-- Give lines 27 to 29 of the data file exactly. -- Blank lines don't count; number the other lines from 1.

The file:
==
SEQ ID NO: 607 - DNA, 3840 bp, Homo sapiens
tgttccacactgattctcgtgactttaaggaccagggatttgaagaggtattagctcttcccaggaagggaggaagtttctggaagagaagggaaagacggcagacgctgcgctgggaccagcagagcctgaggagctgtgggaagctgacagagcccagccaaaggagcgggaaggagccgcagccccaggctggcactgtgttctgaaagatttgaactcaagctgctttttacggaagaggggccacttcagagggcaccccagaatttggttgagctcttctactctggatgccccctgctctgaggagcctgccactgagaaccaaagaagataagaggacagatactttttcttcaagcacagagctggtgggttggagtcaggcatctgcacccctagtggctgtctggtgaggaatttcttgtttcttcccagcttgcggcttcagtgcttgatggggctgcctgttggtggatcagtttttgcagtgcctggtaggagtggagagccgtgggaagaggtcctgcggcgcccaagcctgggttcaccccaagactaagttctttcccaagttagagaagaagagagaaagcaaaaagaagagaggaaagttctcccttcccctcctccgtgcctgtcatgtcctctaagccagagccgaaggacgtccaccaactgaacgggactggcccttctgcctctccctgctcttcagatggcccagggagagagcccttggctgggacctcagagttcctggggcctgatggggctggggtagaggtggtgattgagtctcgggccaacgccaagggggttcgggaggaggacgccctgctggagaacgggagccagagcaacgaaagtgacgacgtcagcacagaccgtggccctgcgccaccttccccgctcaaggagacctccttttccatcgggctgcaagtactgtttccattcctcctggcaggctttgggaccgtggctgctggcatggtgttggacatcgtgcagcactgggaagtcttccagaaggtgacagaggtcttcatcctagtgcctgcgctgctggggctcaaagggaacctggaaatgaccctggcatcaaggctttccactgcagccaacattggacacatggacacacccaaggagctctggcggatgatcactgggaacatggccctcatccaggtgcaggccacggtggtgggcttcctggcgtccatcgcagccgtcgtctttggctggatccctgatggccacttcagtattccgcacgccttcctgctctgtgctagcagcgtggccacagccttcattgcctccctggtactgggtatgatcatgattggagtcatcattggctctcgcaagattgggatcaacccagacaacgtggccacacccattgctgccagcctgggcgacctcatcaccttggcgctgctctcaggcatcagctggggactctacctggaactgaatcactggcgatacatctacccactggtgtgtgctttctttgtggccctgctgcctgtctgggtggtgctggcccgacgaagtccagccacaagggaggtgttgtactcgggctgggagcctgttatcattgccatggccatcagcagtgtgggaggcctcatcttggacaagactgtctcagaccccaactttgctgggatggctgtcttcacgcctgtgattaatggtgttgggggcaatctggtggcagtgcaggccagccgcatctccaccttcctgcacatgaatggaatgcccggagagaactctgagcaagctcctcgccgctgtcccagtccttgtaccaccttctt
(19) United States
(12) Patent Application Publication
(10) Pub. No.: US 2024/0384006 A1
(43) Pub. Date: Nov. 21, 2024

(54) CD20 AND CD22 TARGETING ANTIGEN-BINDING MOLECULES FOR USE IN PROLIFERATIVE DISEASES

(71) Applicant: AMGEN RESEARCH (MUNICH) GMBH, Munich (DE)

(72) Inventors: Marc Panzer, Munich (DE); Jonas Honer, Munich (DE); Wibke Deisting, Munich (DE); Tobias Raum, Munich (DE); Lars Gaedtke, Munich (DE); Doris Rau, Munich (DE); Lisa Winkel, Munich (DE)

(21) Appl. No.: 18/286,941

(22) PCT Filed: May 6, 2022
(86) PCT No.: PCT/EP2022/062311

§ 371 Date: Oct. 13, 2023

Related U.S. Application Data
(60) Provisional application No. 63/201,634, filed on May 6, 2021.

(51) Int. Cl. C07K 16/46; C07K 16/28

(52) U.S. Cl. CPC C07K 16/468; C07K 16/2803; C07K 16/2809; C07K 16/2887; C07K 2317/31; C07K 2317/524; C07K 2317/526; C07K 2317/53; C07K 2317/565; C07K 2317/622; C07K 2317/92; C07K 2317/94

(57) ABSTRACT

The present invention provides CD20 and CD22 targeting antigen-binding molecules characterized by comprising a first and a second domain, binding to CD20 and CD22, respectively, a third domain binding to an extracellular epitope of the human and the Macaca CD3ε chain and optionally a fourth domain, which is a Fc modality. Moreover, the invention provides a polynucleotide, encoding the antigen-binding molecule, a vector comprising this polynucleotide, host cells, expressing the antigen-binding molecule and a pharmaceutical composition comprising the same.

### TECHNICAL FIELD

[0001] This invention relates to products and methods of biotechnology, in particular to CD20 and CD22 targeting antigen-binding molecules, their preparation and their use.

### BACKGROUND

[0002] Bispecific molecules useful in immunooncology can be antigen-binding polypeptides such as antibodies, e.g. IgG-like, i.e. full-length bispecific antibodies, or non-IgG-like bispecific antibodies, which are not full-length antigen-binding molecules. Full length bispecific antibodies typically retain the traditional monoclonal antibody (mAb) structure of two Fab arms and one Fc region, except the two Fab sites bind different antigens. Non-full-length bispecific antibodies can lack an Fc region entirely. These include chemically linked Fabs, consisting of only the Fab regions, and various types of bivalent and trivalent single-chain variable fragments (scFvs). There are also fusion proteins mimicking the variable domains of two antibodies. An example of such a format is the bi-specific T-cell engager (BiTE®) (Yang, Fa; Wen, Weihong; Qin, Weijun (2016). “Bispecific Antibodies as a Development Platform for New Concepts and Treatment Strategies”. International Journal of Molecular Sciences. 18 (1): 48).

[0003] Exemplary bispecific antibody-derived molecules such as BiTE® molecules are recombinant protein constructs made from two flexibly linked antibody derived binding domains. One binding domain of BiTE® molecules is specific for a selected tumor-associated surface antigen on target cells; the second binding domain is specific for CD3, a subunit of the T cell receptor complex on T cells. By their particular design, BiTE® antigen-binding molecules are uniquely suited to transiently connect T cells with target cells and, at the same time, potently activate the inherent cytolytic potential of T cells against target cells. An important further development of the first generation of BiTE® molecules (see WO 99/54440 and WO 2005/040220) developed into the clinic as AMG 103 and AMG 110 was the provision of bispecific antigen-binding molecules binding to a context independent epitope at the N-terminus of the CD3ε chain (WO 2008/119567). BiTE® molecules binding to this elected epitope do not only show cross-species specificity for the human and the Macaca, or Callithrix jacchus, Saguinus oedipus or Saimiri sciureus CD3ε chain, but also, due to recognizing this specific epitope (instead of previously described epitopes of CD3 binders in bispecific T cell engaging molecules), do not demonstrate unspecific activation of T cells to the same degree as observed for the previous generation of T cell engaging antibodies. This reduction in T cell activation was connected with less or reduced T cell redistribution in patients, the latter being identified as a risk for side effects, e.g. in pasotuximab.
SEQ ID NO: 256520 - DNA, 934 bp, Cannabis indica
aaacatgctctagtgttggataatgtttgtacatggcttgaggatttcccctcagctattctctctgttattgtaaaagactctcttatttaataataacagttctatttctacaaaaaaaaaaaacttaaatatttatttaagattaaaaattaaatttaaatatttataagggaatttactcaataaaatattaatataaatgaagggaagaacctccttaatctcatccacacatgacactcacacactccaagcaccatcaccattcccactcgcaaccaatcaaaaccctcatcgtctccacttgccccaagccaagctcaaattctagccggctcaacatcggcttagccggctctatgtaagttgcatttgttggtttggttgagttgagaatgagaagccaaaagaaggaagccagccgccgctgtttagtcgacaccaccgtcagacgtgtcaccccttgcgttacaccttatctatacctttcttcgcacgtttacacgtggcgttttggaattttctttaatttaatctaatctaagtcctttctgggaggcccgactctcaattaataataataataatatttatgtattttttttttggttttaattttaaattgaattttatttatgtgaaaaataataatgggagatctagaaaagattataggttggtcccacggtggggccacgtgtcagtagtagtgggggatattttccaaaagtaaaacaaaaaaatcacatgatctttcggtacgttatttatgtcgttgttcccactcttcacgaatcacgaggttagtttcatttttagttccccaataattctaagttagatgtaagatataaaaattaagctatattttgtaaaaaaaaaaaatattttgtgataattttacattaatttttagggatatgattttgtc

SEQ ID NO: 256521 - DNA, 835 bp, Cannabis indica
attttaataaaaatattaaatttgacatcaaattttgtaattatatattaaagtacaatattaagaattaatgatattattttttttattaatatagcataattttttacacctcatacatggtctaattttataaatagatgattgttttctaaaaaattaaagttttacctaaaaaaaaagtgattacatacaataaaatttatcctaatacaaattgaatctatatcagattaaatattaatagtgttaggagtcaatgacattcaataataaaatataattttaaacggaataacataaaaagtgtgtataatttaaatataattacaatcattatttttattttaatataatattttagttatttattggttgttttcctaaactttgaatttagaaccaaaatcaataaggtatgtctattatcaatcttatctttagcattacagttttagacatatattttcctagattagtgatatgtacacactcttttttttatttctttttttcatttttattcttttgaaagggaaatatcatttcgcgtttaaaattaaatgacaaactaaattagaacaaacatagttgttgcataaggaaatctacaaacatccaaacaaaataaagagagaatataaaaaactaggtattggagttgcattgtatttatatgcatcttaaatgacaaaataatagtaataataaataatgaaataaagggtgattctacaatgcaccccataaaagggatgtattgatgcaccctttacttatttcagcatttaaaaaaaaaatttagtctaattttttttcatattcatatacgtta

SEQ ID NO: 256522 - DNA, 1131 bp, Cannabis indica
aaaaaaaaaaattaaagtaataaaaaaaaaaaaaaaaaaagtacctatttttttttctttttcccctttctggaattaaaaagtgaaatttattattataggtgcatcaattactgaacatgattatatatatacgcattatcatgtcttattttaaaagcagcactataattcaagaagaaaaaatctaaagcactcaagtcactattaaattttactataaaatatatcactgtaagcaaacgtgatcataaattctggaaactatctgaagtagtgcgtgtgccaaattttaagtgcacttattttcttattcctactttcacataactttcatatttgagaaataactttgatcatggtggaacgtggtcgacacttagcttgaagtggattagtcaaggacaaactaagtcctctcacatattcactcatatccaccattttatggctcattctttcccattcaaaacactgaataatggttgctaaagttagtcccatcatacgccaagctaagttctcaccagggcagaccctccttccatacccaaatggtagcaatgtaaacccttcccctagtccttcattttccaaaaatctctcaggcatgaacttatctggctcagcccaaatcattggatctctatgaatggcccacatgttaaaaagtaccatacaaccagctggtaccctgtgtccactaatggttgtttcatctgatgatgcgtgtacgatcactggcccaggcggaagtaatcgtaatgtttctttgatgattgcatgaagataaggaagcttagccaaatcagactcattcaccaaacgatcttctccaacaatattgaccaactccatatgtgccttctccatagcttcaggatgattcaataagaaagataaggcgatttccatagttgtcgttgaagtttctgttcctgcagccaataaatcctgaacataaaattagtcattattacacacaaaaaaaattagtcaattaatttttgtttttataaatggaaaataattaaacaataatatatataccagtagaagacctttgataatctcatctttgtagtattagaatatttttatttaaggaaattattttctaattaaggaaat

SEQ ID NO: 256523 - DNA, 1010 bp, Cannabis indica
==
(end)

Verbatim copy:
SEQ ID NO: 256521 - DNA, 835 bp, Cannabis indica
attttaataaaaatattaaatttgacatcaaattttgtaattatatattaaagtacaatattaagaattaatgatattattttttttattaatatagcataattttttacacctcatacatggtctaattttataaatagatgattgttttctaaaaaattaaagttttacctaaaaaaaaagtgattacatacaataaaatttatcctaatacaaattgaatctatatcagattaaatattaatagtgttaggagtcaatgacattcaataataaaatataattttaaacggaataacataaaaagtgtgtataatttaaatataattacaatcattatttttattttaatataatattttagttatttattggttgttttcctaaactttgaatttagaaccaaaatcaataaggtatgtctattatcaatcttatctttagcattacagttttagacatatattttcctagattagtgatatgtacacactcttttttttatttctttttttcatttttattcttttgaaagggaaatatcatttcgcgtttaaaattaaatgacaaactaaattagaacaaacatagttgttgcataaggaaatctacaaacatccaaacaaaataaagagagaatataaaaaactaggtattggagttgcattgtatttatatgcatcttaaatgacaaaataatagtaataataaataatgaaataaagggtgattctacaatgcaccccataaaagggatgtattgatgcaccctttacttatttcagcatttaaaaaaaaaatttagtctaattttttttcatattcatatacgtta

SEQ ID NO: 256522 - DNA, 1131 bp, Cannabis indica